Simone finds recognition of her struggles in the novels of a new generation of writers, who are revolting against parents, family and tradition, have no intention of overthrowing society, and are satisfied just to study their souls. These writers represent a Disquiet which she also finds in Jacques, and is attracted to. But she also has to admit to herself that they are different. He likes beautiful things and a life of ease. Simone needs to overcome difficulties and write a book, not live a life of luxury. She is still attracted to him because ‘apart from this love my life seemed desolately empty and futile’ and he is the only man she can have a serious conversation with, but he is alternately warm and cold to her. She will struggle with her feelings for him before deciding that she does not like him.

Sartre is Simone’s dream companion, her aspirations personified.

Confronted with an object, he would look it straight in the face instead of trying to explain it away with a myth, a word, an impression, or a preconceived idea: he wouldn’t let it go until he had grasped all its ins and outs and all its multiple significations. He didn’t ask himself what he ought to think about it, or what it would have been amusing or intelligent to think about it: he simply thought about it.


An apology is a psychological necessity. In our day to day interactions with others, we meet with constant approval and disapproval. We must necessarily create defenses to justify to ourselves why we are the way we are.

To Simone, the conventions of society are mindless and uninspiring. While others, even her closest friends, may by content to lead a mediocre existence, she must find an all consuming purpose. It is the intellectual life that draws her instead.

To have children, who in their turn would have more children, was simply to go on playing the same old tune ad infinitum; the scholar, the artist, the writer, and the thinker created other worlds, all sweetness and light, in which everything had purpose.

I found smiling difficult, I couldn’t turn on the charm, make cute remarks, or any kind of concession to polite chit-chat…. their way of life had nothing in common with mine: they were mere amateurs; I was a professional … I had set this heavy programme myself, for I found difficulties amusing … it was essential that my studies should not just represent an off-shoot of my life, but should be my entire life itself: the things people talked about did not interest me, I had no subversive ideas; in fact, I hardly had any ideas on anything; but all day long I would be training myself to think, to understand, to criticize, to know myself; I was seeking for the absolute truth: this preoccupation did not exactly encourage polite conversation.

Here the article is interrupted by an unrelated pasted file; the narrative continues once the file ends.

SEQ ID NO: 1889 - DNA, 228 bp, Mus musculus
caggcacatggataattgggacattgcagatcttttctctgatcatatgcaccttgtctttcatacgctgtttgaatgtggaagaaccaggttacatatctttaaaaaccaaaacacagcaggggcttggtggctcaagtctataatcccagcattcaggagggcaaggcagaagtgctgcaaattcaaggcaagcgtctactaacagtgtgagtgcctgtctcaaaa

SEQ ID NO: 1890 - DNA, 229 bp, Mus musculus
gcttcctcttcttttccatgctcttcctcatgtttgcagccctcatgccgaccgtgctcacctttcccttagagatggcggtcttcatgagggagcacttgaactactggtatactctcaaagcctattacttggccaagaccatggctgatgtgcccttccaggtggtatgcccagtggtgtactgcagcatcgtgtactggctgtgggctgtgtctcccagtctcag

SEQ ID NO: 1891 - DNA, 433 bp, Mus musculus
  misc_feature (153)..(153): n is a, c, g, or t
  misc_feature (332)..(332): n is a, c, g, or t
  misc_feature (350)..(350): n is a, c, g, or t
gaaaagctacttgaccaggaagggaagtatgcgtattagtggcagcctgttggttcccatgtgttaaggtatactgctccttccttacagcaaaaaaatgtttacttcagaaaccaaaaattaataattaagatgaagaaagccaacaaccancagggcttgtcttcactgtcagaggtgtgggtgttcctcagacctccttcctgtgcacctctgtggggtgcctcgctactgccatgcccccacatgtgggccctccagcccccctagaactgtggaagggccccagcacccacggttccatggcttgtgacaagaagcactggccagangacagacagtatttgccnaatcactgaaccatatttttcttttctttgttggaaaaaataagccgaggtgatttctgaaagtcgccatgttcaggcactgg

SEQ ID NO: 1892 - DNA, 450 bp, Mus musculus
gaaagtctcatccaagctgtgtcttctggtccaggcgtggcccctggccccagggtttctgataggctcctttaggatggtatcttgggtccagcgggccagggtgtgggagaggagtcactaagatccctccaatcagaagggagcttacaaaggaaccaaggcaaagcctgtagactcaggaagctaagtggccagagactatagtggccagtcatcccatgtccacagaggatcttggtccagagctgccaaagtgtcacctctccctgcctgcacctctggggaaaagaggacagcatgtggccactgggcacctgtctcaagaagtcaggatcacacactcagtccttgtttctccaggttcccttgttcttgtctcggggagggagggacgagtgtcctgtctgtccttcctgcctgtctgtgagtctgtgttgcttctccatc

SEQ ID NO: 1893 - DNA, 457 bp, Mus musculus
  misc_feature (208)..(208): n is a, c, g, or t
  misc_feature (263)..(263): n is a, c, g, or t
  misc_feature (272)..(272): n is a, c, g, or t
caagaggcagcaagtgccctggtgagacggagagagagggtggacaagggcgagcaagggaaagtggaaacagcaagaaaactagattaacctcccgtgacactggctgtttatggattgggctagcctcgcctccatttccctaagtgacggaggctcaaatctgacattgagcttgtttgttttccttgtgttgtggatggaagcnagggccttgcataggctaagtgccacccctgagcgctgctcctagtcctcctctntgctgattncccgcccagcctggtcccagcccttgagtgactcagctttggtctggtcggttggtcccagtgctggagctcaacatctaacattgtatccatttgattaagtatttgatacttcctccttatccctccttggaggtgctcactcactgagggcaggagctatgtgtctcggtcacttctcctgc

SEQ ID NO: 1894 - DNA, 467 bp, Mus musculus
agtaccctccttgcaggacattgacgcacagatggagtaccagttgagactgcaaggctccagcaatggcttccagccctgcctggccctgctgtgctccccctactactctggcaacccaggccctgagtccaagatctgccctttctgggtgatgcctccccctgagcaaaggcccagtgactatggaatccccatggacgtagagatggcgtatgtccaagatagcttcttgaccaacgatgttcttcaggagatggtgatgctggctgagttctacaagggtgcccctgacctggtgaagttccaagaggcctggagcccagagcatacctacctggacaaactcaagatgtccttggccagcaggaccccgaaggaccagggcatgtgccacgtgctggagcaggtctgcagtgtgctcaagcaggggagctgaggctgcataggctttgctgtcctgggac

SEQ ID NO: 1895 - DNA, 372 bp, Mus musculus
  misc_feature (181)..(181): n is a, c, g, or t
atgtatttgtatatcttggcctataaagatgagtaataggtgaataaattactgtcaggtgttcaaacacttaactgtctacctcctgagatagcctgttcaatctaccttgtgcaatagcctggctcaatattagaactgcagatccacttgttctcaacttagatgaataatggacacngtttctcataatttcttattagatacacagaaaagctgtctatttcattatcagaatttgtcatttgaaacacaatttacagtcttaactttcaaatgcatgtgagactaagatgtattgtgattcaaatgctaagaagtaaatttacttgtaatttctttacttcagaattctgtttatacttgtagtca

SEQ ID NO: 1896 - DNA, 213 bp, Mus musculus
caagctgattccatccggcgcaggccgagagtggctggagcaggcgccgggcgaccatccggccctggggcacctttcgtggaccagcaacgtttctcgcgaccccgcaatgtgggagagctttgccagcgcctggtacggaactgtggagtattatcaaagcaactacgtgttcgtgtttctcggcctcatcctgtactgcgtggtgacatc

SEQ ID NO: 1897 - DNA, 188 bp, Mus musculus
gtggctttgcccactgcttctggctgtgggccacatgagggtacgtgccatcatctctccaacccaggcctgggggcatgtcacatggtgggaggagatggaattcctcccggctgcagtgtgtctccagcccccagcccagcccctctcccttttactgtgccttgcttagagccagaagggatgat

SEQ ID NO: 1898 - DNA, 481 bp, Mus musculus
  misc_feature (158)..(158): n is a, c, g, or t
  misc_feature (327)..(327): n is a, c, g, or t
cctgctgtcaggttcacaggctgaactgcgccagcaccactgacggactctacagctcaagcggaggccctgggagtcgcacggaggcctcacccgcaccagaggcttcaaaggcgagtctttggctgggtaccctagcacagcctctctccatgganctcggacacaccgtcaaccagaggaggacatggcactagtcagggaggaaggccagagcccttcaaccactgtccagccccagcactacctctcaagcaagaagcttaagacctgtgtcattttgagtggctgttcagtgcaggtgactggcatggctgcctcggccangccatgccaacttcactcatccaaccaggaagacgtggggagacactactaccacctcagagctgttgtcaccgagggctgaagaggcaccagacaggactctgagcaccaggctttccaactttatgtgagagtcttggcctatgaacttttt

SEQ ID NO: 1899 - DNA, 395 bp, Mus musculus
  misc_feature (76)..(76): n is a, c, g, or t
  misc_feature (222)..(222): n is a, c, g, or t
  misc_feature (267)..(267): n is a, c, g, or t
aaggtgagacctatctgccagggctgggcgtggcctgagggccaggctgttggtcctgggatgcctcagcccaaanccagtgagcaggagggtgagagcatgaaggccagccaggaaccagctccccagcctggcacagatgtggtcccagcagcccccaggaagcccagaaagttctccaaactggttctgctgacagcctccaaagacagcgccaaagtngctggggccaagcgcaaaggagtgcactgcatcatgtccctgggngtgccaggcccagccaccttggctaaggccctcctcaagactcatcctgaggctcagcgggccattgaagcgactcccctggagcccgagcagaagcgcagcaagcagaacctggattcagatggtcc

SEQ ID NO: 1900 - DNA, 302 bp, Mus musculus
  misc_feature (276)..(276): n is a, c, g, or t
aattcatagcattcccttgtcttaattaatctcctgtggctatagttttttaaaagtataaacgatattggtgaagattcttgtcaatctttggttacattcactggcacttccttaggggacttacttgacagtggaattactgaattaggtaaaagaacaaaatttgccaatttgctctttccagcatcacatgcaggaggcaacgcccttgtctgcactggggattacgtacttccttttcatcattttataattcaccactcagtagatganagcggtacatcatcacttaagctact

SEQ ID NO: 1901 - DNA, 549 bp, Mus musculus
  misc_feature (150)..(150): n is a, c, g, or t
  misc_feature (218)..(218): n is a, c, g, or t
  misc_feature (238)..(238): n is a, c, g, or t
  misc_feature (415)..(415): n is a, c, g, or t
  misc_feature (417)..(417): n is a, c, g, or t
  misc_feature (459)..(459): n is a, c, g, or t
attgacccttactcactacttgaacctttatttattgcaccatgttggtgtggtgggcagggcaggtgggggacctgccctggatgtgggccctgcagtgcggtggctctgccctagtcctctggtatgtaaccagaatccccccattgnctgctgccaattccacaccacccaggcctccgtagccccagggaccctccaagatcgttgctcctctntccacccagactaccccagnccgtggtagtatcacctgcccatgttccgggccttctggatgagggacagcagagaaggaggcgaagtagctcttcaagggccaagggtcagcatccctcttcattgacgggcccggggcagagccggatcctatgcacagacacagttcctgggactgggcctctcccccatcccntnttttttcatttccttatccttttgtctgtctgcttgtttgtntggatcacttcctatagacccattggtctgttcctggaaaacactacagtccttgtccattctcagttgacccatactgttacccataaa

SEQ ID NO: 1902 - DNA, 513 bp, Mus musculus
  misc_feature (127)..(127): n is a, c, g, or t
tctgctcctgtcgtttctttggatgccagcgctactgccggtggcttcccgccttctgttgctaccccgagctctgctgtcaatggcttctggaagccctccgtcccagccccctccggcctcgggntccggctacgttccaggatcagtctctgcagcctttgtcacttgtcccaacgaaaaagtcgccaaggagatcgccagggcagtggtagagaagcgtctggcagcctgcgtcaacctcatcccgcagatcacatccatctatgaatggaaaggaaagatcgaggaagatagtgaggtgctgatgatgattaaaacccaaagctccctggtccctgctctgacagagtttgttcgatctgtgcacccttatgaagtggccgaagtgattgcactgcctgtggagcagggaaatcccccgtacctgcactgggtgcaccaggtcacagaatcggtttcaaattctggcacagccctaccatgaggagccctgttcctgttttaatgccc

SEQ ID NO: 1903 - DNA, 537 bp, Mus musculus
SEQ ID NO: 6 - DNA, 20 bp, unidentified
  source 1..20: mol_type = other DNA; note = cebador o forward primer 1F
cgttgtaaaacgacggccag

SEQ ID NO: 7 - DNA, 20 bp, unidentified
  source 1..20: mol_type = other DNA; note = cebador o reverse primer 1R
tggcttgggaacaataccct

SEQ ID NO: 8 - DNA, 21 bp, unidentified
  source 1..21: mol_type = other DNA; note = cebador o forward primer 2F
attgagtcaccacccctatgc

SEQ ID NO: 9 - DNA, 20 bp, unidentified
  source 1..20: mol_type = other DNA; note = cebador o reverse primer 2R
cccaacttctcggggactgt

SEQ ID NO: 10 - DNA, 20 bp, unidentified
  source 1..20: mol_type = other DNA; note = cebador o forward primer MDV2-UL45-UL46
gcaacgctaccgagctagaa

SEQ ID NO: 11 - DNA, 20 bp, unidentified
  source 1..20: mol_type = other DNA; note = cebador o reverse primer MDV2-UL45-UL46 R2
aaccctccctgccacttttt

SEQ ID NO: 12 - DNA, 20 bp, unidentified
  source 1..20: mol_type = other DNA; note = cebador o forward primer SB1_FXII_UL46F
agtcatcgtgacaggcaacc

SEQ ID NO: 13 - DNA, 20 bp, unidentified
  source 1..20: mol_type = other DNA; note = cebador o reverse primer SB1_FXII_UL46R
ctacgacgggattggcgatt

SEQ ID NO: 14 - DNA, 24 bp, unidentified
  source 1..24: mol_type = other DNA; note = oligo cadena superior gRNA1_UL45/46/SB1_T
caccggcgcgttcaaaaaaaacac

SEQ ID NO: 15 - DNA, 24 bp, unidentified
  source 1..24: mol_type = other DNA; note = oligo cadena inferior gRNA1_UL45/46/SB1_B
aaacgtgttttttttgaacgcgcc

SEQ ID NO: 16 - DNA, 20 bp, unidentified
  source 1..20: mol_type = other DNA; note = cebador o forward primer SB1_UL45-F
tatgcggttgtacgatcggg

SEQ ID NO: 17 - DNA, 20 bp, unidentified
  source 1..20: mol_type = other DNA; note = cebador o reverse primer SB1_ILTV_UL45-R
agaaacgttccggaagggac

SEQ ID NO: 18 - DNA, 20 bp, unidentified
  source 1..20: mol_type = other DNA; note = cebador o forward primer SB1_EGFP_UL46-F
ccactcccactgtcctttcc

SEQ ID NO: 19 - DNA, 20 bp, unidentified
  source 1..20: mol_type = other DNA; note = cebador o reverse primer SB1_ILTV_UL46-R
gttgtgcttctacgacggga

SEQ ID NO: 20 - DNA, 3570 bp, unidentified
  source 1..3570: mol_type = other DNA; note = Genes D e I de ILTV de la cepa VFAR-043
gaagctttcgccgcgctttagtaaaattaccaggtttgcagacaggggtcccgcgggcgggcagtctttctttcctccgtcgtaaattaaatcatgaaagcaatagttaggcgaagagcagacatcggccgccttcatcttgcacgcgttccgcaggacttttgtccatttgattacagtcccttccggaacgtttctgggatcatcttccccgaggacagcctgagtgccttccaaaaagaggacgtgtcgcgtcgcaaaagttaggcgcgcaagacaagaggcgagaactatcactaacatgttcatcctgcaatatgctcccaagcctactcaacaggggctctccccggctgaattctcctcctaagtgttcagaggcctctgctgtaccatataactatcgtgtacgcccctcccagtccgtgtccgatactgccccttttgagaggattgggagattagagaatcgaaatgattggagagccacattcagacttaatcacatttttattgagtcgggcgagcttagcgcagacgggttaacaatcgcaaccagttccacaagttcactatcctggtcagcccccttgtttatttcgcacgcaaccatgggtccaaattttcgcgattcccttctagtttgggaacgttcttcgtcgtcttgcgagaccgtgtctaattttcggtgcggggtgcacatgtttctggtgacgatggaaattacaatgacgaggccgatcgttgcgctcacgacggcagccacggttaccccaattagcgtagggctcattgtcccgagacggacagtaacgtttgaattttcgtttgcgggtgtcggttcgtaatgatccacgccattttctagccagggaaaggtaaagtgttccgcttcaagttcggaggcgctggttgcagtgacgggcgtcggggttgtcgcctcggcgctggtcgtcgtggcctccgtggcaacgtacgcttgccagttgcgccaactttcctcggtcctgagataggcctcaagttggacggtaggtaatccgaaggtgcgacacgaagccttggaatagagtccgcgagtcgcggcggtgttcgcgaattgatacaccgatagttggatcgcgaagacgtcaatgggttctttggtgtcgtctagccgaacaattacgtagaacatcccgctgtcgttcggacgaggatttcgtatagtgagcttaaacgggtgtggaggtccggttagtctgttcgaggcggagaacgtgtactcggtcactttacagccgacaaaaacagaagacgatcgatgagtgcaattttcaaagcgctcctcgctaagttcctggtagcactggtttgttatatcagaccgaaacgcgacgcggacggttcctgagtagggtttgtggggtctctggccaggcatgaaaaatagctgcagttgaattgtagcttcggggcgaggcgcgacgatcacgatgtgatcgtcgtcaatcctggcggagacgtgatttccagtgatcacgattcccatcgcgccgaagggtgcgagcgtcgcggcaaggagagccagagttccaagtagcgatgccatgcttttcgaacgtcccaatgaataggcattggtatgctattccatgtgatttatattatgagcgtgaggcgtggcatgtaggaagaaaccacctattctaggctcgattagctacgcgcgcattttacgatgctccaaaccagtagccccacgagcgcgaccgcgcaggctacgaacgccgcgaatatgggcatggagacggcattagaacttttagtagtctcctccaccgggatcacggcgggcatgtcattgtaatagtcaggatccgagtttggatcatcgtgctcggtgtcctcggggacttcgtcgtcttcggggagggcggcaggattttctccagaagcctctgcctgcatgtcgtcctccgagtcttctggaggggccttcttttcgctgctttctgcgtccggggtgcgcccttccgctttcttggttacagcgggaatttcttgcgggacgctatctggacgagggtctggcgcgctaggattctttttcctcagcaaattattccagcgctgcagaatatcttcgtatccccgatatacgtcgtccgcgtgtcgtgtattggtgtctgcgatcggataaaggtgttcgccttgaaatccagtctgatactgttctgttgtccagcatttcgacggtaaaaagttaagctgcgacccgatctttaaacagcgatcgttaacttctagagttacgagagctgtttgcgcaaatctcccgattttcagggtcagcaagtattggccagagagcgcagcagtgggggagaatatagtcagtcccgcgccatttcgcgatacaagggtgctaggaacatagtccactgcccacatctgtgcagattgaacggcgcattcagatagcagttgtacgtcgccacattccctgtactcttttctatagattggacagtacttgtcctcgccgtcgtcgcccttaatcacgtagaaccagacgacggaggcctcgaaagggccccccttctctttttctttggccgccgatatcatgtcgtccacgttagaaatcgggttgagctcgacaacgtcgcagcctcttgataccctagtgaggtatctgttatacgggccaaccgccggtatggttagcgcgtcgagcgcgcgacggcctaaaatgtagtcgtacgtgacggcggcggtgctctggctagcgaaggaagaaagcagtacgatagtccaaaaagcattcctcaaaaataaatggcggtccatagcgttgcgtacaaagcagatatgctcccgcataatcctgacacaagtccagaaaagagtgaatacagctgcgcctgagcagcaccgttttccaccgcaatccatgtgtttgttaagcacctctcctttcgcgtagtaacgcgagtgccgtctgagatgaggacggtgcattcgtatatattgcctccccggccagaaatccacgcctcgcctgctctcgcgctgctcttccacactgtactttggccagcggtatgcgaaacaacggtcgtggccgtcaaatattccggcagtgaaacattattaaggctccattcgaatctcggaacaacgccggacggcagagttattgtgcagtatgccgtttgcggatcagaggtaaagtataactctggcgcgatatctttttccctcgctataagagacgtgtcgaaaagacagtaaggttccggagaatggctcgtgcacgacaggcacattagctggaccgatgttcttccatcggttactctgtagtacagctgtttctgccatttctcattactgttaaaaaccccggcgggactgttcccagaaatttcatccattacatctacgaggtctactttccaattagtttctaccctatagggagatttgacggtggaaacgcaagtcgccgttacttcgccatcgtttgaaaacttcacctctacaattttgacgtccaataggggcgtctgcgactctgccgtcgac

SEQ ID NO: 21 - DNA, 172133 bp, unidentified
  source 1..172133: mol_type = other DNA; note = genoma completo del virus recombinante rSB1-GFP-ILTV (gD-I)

In Simone’s autobiography, I found less of the feminist than a fellow human being going through the same universal struggle of self-expression.

I was inspired by the hard work she puts in – ‘nine to ten hours! every day at the library’, it is the kind of effort that again reminds me of the kind of work I have to put in if I aspire to mastery.

I also identified with the rich emotional life that she describes, especially her despair and loneliness while searching for meaning. It is comforting to know that I am not alone, surely that is one function of autobiography as well, to affirm as well as to inspire.

I had to be of service: to what? To whom? I had read, thought, and learnt much; I told myself that I was ready; I was rich; but nobody wanted anything from me. Life had appeared to me so full; I had sought with fanatical ardour to use my whole self in replying to its endless calls: it was empty; not one voice had asked for me.

I preferred literature to philosophy … I didn’t want to speak with that abstract voice which, whenever I heard it, failed to move me. What I dreamed of writing was a ‘novel of the inner life’; I wanted to communicate my experience.

I think Simone’s autobiography succeeds at this.


He appreciated elegant gestures, charming compliments, social graces, style, frivolity, irony, all the free-and-easy self-assurance of the rich and well-born. The more serious virtues esteemed by the bourgeoisie he found frankly boring

I couldn’t tolerate being bored: my boredom soon turned into real distress of mind; that is why … I detested idleness.

I thought it was wonderful that you could bring into the world something real, something new. There was only one region in the world in which I could venture my creative talent: literature… I knew how to use language, and as it expressed the essence of things, it illuminated them for me. I had a spontaneous urge to turn everything that happened to me into a story: I used to talk freely, and loved to write.